[easyazon_image align=”left” height=”333″ identifier=”1770462341″ locale=”US” src=”https://englewoodreview.org/wp-content/uploads/2016/04/51SqhNgfVL.jpg” tag=”douloschristo-20″ width=”184″]Part of Who We Are As Human Beings
A Review of
Mary Wept Over the Feet of Jesus:
Prostitution and Religious Obedience in the Bible
Hardback: Drawn & Quarterly, 2016.
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Reviewed by Jon M. Sweeney
I can’t imagine how this graphic novel of biblical stories is going to sell a lot of copies. Sex and violence are common in this genre, but not so much serious biblical criticism, and pages 173-270 here are all afterword, notes, and bibliography, in which author/artist Chester Brown recounts (in the same tiny, hand-drawn type of the comics themselves) his indebtedness to scholars like John Dominic Crossan and Yoram Hazony, and makes learned references to works as ideologically divergent as Strong’s Concordance and Lynn Bauman’s translation of The Gospel of Thomas. Chester Brown is what one might call an independent scholar. He says he was led to this subject because of a passion for sex-workers’ rights.
Brown is a Canadian by birth. He grew up in Quebec and now lives in Toronto. He’s 55 years old and has been writing comics since Ed the Happy Clown in the early ‘80s. After that strange work, which garnered him a sort of underground following, he began writing autobiographical comics, and that’s continued to this day. I wrote a bit about this trend (not about Brown, but others) in one of my recent review articles in America magazine.
I say that I can’t imagine this book will sell. On the other hand, maybe it will because Brown’s last work in comics was Paying For It (2011), which included this line on the front cover, “a comic-strip memoir about being a john,” and was a book that passionately advocated for decriminalizing prostitution. His primary argument, then, was that sex and romantic love ought to be, and usually are, separate. The notorious (he loves that adjective) R. Crumb wrote the introduction. It was a bestseller in this genre, and was generally regarded as the most important book in comics published that year. The New York Times praised it. It had at least half as many pages of notes as does Mary Wept Over the Feet of Jesus.
I don’t want to tell you all that Brown writes in his hundred pages of notes. You should explore them yourself. But please don’t read them first, before the stories. I’ll mention only three points he makes, which he says underpin all the stories: “Cain & Abel,” “Tamar,” “Rahab,” “Ruth,” “Bathsheba,” “Mary, the Mother of Jesus,” “[The Parable of] The Talents,” “Mary of Bethany,” “Matthew,” and “The Prodigal Son.” Brown believes, and uses scholarship to argue, that Mary the mother of Jesus was likely a prostitute. He also argues, “Jesus accepted that harlotry benefited society and that women like his mother had a legitimate place in The Kingdom of Heaven.” And, Chester Brown identifies as a Christian.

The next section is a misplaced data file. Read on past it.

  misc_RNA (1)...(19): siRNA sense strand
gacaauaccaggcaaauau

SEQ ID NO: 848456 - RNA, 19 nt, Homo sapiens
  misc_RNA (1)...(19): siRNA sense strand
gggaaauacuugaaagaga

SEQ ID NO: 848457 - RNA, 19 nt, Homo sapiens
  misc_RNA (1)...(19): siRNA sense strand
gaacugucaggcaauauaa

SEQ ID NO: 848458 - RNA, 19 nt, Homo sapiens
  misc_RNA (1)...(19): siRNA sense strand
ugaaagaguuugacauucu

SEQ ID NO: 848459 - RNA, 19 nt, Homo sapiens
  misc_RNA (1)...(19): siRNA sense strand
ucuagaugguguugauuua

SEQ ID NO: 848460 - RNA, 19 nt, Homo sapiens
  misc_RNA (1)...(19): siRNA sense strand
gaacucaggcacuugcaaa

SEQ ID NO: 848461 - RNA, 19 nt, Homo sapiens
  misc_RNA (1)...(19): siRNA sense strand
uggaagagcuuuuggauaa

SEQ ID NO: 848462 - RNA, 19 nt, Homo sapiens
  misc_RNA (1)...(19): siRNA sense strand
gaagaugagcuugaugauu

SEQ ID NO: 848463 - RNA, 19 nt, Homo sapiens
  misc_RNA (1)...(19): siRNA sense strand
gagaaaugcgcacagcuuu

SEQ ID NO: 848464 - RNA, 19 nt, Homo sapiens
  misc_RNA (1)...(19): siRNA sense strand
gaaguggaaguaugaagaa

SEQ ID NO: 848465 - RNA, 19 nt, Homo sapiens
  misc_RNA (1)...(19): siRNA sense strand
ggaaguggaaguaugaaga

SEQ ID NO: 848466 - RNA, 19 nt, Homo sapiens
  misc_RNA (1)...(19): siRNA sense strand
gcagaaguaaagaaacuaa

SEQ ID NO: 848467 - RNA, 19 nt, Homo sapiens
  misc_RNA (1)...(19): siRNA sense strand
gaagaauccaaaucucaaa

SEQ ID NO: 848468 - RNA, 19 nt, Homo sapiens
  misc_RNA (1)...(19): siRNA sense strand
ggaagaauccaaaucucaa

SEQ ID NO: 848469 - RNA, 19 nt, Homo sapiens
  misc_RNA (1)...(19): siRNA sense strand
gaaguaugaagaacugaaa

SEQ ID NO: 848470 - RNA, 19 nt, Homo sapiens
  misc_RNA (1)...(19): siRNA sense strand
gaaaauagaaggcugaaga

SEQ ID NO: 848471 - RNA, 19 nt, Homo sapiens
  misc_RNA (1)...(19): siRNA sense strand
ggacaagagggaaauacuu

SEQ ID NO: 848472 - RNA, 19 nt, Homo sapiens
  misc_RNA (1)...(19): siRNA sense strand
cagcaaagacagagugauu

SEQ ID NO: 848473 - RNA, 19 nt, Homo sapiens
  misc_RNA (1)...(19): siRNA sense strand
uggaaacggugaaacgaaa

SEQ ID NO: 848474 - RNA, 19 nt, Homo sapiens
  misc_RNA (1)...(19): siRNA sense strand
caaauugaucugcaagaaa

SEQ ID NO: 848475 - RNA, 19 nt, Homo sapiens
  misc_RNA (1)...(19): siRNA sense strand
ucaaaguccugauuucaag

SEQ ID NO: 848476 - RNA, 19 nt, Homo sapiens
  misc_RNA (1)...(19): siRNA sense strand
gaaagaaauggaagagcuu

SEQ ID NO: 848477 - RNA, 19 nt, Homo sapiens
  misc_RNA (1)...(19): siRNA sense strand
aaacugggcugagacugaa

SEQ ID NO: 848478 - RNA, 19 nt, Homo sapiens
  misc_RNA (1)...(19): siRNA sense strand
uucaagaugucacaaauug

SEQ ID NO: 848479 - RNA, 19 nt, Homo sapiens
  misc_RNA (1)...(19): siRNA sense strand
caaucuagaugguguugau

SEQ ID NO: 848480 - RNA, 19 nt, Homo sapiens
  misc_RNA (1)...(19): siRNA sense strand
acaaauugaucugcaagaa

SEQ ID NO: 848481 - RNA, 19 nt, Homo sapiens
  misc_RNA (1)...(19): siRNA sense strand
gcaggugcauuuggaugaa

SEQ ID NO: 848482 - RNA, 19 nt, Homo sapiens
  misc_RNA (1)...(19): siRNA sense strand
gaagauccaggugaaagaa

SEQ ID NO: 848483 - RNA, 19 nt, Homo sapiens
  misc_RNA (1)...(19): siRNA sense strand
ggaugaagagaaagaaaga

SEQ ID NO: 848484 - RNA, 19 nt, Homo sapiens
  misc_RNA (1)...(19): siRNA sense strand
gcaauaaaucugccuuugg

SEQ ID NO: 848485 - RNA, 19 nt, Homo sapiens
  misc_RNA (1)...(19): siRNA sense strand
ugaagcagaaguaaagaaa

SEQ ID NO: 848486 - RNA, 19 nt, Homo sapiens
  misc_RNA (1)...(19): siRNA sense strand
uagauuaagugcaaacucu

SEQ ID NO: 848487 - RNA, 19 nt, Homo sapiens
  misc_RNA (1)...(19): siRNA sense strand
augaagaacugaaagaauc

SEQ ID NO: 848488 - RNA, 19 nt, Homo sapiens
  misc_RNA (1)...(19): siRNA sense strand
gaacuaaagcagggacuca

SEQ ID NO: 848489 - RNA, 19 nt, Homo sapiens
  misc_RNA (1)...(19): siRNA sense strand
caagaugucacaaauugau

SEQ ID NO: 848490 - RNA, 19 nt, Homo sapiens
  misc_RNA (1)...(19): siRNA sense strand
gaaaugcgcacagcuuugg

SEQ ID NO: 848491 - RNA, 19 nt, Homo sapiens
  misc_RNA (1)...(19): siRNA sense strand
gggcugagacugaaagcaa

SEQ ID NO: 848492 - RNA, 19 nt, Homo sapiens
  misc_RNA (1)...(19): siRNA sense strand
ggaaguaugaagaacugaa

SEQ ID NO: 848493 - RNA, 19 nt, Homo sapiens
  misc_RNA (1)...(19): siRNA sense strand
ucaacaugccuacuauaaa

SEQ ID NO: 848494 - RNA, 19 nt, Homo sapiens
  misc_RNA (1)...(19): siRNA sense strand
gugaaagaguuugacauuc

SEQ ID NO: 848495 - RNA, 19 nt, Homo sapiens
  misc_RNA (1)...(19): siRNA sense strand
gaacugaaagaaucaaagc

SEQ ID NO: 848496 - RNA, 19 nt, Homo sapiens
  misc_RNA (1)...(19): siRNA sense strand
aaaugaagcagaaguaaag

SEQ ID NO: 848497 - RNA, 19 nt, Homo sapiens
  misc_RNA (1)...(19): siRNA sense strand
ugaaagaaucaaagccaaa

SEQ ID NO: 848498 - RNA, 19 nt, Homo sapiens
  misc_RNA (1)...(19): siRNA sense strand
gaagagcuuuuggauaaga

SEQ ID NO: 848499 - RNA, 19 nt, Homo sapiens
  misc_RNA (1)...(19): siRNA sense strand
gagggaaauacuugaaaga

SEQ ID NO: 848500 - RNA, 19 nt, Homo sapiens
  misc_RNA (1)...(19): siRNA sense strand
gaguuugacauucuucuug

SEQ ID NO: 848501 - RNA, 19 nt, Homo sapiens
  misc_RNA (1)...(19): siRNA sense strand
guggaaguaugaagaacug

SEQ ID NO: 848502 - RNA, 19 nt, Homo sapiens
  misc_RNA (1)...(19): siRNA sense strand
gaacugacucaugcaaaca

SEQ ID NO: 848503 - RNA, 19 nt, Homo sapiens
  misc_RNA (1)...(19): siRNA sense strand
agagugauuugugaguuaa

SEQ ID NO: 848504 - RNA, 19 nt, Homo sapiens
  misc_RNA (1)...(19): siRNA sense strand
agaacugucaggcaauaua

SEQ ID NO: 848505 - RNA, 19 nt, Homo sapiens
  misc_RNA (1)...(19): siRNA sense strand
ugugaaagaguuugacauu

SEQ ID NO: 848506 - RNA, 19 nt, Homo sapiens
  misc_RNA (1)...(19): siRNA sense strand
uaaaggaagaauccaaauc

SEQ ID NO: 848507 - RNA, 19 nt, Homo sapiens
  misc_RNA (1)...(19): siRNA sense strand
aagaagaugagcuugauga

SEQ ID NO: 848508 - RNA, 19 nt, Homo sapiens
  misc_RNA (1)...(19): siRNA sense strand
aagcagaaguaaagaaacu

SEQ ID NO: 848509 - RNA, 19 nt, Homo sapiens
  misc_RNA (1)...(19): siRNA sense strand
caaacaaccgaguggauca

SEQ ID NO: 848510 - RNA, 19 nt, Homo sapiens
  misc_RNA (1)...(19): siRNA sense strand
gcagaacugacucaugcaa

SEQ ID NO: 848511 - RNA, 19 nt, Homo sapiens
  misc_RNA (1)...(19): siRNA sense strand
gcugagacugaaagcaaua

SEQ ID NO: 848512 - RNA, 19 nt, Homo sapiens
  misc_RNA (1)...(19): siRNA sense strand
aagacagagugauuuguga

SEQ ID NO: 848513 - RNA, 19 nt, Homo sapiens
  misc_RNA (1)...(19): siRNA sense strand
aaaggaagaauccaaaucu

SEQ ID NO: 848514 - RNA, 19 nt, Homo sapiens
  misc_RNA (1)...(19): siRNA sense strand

I’ll say only a few words about the stories themselves. First, it is unclear why he includes an account of Cain & Abel in the book, so I’m going to move right past it. Then, anyone familiar with the Hebrew scriptures (or the opening of the Gospel of Matthew) knows that Tamar and Rahab naturally fit when talking about sexuality, particularly prostitution, in the Bible. Certain details in Brown’s tellings diverge from the most common interpretations. For example, he has Tamar being accused of prostitution with many men, not simply with Judah, her father-in-law.
Other remarks: I found the vulnerability of Boaz, in “Ruth,” touching, especially in the panels when he is naked. Brown makes some strange decisions about angels in “Mary, the Mother of Jesus.” And, it is worth noting that the sex he draws in “Tamar,” “Ruth,” and “Bathsheba,” is always perfunctory. I think that’s part of his point.
The only really inventive story is the one simply titled, “Matthew.” It is not so much a retelling of the Gospel as it is a fiction designed to explain why the gospel writer opened his account with a genealogy of Jesus that included Tamar and Rahab.
Chester Brown would have done well to include the story of Esther, as well, from a book in the Hebrew Bible that is usually sentimentalized by Christians, and just as often, satirized by Jews. Each year on the holiday of Purim (which I just celebrated with my rabbi wife), Jewish congregations reread together, sometimes raucously, the Megillah (or “scroll”) of Esther. They remember the Persian king who was dissed by his wife when he asked her to come into his drunken men’s only party wearing only her crown, and she refused. He retaliated by deciding to violate all women, one at a time, essentially raping them, one night each, in his royal bed. Esther apparently wins him over with her many gifts (wink wink), and Esther’s uncle, Mordechai, is often seen to be not so much her “uncle,” as her pimp.
The purpose of reading the Megillah on Purim is not to poke fun at the Bible for trying to be holy when it really is not. The purpose – and my purpose in bringing Mary Wept Over the Feet of Jesus to your attention – is this, and it’s simple: The Bible is full of sex, and most of it is unchaste. We should be willing to confront it and try to understand it. These stories, no matter how you interpret them, are part of who we are as human beings. Sentimentalizing them does us no good.
Jon M. Sweeney is a writer, editor, and critic. His books include Inventing Hell, The Pope Who Quit, and just published, The Enthusiast: How the Best Friend of Francis of Assisi Almost Destroyed What He Started. He lives in Vermont.
C. Christopher Smith is the founding editor of The Englewood Review of Books. He is also author of a number of books, including most recently How the Body of Christ Talks: Recovering the Practice of Conversation in the Church (Brazos Press, 2019). Connect with him online at: C-Christopher-Smith.com